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The Winter’s Tale

The Winter’s Tale


by William Shakespeare

The Winter’s Tale Compassion and Forgiveness Quotes

How we cite our quotes: Citations follow this format: (Act.Scene.Line). Line numbers correspond to the Norton edition.

Quote #4

They seemed almost, with
staring on one another, to tear the cases of their
eyes; there was speech in their dumbness, language
in their very gesture; they looked as they had heard
of a world ransomed, or one destroyed: a notable
passion of wonder appeared in them; but the wisest
beholder, that knew no more but seeing, could not
say if the importance were joy or sorrow; but in the
extremity of the one, it must needs be. (5.2.2)

Leontes's emotional reunion with Camillo is marked by great “sorrow” and great “joy.” While the King is elated to see his old friend and advisor, the encounter between the old friends reminds us of how much has been “destroyed” and lost.

Quote #5

Nothing but bonfires: the oracle is fulfilled; the
king's daughter is found: such a deal of wonder is
broken out within this hour that ballad-makers
cannot be able to express it. (5.2.1)

The revelation of Perdita’s true identity and her reunion with her father is a “wonder[ous]” moment, according to the First Gentleman. So wondrous, in fact, that we wonder why we learn about the reunion second hand. Why doesn’t Shakespeare stage this joyous moment for his audience to witness first hand?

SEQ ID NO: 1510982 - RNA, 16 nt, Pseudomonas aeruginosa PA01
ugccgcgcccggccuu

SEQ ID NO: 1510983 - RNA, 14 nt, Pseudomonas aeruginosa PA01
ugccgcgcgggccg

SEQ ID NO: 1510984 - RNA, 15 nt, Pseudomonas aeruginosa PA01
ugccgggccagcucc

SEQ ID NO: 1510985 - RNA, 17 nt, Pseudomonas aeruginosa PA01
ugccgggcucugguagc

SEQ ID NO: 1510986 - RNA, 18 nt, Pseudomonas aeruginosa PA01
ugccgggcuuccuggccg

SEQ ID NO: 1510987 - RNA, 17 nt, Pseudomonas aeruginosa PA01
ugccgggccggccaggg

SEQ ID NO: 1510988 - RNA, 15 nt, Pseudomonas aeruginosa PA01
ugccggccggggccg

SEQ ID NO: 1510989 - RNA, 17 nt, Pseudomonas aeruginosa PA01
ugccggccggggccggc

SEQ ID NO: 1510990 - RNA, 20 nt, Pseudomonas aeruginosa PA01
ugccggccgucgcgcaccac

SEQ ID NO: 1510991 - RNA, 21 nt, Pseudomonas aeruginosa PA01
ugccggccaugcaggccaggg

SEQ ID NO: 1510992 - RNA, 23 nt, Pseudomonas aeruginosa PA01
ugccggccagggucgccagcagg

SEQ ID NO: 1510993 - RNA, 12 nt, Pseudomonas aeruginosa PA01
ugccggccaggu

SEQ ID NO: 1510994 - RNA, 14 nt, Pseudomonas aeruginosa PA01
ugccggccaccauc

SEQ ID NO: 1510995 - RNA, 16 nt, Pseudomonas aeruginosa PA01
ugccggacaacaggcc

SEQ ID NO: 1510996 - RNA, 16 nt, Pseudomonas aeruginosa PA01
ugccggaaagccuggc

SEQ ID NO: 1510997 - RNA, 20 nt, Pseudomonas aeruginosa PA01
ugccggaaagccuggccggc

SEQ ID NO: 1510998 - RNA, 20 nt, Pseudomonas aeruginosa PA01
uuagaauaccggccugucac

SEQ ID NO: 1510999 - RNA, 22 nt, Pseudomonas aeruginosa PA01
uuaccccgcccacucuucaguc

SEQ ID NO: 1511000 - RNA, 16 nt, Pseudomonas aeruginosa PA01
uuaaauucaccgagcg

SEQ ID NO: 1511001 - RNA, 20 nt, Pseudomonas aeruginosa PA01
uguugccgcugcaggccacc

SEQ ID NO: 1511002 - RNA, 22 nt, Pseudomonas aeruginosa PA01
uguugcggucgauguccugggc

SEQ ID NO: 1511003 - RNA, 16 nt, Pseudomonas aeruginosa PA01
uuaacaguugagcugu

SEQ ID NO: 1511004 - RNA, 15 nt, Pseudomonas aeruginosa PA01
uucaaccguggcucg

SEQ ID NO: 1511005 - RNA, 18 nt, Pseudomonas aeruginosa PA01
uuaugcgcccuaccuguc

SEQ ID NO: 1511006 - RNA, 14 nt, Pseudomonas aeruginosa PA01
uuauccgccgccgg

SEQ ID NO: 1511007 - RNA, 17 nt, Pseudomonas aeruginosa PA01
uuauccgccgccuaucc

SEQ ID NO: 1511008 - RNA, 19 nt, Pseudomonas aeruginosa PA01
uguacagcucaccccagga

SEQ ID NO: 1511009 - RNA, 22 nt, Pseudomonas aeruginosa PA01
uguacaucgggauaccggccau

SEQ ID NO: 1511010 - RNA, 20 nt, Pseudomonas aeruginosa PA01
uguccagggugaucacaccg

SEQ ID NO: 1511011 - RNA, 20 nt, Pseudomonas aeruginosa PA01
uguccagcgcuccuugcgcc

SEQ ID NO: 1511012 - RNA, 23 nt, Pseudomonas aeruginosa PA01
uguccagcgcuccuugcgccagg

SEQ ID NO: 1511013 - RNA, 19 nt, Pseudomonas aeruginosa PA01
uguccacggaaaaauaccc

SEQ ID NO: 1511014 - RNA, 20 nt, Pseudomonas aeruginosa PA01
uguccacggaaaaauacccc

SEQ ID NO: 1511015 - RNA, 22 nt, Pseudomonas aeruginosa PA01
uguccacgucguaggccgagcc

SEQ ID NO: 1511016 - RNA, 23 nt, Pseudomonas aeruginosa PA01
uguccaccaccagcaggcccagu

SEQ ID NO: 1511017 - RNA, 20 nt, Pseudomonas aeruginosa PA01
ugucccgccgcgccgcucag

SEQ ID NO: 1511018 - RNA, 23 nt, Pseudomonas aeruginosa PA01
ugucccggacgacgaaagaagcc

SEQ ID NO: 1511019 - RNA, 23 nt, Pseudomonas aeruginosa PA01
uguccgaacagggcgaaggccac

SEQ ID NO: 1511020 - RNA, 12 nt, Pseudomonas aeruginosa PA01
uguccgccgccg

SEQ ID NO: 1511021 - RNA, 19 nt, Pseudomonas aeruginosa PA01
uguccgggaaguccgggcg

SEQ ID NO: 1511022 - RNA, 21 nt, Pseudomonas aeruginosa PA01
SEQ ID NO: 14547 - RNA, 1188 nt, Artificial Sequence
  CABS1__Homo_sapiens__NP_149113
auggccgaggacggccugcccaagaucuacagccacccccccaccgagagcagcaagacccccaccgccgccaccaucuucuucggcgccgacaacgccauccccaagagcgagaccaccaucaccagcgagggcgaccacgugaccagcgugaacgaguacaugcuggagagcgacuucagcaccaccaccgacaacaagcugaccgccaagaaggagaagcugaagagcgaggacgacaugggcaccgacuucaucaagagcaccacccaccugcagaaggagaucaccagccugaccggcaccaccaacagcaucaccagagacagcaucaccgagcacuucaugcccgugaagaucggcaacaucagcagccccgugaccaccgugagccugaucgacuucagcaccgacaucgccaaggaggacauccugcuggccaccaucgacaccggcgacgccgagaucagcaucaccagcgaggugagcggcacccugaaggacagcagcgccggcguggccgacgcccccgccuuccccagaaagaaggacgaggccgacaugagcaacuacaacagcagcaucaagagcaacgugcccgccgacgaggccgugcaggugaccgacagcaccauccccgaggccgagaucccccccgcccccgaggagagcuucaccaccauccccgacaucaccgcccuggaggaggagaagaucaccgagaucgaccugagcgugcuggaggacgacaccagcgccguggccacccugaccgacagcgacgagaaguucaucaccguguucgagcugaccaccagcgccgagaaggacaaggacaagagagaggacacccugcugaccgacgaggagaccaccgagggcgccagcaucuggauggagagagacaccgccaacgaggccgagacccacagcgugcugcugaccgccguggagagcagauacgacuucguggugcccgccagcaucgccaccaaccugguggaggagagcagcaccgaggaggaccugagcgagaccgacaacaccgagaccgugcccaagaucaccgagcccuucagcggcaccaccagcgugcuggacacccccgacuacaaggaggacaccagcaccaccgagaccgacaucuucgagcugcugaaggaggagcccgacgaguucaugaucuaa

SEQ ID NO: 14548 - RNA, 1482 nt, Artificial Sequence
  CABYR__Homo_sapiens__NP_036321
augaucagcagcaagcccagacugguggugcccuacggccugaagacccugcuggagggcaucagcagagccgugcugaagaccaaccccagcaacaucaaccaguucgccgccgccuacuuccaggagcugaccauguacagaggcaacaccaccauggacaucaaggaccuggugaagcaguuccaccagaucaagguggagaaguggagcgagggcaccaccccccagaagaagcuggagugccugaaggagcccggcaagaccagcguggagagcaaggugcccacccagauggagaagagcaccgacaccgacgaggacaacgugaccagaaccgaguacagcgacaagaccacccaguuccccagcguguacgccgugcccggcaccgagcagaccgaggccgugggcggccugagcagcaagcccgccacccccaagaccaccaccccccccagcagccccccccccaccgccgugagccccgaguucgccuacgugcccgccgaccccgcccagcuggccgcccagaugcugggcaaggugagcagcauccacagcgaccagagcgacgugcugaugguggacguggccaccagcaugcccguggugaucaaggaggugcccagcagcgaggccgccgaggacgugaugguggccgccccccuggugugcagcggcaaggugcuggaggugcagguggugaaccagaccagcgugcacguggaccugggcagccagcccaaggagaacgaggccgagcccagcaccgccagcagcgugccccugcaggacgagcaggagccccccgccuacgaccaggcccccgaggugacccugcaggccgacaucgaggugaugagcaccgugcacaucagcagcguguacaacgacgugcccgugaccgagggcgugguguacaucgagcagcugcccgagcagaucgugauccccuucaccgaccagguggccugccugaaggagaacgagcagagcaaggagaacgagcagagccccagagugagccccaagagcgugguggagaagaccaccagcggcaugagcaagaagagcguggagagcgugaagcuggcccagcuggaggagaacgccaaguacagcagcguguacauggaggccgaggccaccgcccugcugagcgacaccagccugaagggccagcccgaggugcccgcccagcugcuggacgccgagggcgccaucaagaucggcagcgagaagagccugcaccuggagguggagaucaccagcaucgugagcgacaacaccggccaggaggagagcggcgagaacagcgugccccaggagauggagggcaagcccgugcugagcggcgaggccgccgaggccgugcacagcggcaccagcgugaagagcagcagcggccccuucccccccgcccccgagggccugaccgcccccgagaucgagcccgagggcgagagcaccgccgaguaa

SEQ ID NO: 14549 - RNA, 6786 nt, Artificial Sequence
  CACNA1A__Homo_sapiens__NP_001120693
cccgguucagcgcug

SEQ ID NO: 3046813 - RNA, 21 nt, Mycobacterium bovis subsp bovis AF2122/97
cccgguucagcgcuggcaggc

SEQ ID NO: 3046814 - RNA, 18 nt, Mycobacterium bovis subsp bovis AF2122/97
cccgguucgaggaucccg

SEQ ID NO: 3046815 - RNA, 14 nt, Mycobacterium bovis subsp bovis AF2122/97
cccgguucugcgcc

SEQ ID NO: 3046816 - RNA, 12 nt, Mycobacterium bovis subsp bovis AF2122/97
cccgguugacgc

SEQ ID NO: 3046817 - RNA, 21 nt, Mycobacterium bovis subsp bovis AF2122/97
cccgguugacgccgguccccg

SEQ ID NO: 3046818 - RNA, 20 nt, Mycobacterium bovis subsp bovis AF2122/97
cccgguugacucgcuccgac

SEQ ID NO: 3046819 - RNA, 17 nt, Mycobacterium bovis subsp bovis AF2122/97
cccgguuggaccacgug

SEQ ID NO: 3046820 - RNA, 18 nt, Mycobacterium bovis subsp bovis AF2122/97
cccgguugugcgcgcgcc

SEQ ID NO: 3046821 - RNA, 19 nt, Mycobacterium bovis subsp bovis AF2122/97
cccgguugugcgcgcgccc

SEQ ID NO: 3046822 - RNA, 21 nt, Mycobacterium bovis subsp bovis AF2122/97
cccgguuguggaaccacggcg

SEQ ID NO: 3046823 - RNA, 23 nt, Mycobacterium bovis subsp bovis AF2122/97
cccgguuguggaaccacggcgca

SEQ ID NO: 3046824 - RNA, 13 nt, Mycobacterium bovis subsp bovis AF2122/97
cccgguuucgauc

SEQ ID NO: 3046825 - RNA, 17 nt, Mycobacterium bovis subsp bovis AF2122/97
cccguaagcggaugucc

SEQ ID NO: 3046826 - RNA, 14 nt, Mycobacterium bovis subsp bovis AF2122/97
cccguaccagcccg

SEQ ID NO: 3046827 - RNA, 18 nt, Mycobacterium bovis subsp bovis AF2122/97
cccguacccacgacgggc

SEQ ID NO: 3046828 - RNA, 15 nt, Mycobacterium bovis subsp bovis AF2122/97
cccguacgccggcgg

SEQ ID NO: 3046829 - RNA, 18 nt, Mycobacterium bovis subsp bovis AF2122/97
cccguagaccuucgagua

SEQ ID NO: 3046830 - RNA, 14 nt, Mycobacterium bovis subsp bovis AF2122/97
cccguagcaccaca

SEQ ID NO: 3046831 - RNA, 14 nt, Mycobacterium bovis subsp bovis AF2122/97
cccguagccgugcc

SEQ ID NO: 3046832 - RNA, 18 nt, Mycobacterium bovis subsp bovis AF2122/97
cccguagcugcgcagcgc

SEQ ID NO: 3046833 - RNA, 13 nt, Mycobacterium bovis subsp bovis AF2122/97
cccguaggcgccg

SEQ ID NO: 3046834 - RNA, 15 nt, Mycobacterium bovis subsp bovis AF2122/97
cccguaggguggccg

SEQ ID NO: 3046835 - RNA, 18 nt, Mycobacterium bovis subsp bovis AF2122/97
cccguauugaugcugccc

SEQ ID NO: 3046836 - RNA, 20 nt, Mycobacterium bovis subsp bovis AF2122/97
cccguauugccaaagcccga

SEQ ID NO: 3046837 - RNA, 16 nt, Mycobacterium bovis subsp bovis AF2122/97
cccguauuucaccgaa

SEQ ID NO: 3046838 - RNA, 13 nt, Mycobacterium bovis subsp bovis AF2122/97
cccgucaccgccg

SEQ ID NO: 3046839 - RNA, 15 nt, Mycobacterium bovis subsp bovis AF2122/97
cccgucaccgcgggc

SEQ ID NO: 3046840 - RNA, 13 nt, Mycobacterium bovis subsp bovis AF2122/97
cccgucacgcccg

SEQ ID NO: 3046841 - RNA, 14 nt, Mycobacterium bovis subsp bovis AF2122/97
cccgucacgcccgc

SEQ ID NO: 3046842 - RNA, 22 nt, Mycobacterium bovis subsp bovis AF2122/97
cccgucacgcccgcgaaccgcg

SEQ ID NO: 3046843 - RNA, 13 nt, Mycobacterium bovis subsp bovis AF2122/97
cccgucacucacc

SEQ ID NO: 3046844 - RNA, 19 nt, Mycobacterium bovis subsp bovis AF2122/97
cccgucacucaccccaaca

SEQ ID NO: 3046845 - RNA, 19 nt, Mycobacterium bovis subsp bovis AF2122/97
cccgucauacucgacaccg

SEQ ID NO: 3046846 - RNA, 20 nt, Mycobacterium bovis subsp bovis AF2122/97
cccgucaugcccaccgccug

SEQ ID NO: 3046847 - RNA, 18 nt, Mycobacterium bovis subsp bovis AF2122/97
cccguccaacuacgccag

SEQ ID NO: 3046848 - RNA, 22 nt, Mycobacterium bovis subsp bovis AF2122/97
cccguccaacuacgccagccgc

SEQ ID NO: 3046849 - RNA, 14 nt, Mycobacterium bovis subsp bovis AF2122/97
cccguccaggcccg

Quote #6

There was casting up of eyes,
holding up of hands, with countenances of such
distraction that they were to be known by garment,
not by favour. Our king, being ready to leap out of
himself for joy of his found daughter, as if that
joy were now become a loss, cries 'O, thy mother,
thy mother!' then asks Bohemia forgiveness; then
embraces his son-in-law; then again worries he his
daughter with clipping her; now he thanks the old
shepherd, which stands by like a weather-bitten
conduit of many kings' reigns. I never heard of such
another encounter, which lames report to follow it
and undoes description to do it. (5.2.2)

Seriously. If the reunion of Perdita and Leontes is such a joyous occasion, why do we have to hear about from the Gentleman? Why doesn’t Shakespeare stage this moment directly? Is he afraid too much celebration would be overkill? (After all, we’ve got the big statue scene coming up.) Or, is it more effective to hear about the reunion from other witnesses?

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